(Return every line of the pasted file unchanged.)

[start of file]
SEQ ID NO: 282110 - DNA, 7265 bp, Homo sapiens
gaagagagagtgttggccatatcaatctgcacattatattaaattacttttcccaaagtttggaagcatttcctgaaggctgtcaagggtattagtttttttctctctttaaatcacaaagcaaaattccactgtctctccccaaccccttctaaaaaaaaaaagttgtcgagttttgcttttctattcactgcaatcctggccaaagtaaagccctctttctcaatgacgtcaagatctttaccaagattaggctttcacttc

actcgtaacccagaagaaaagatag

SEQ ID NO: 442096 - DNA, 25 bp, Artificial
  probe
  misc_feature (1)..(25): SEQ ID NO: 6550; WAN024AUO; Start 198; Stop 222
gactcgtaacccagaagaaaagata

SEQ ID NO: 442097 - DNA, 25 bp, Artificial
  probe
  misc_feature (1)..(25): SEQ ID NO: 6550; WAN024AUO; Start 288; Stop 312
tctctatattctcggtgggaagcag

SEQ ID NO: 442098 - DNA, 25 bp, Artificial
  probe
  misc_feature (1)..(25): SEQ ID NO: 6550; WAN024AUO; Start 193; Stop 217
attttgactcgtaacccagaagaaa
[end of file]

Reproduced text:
SEQ ID NO: 282110 - DNA, 7265 bp, Homo sapiens
gaagagagagtgttggccatatcaatctgcacattatattaaattacttttcccaaagtttggaagcatttcctgaaggctgtcaagggtattagtttttttctctctttaaatcacaaagcaaaattccactgtctctccccaaccccttctaaaaaaaaaaagttgtcgagttttgcttttctattcactgcaatcctggccaaagtaaagccctctttctcaatgacgtcaagatctttaccaagattaggctttcacttc

actcgtaacccagaagaaaagatag

SEQ ID NO: 442096 - DNA, 25 bp, Artificial
  probe
  misc_feature (1)..(25): SEQ ID NO: 6550; WAN024AUO; Start 198; Stop 222
gactcgtaacccagaagaaaagata

SEQ ID NO: 442097 - DNA, 25 bp, Artificial
  probe
  misc_feature (1)..(25): SEQ ID NO: 6550; WAN024AUO; Start 288; Stop 312
tctctatattctcggtgggaagcag

SEQ ID NO: 442098 - DNA, 25 bp, Artificial
  probe
  misc_feature (1)..(25): SEQ ID NO: 6550; WAN024AUO; Start 193; Stop 217
attttgactcgtaacccagaagaaa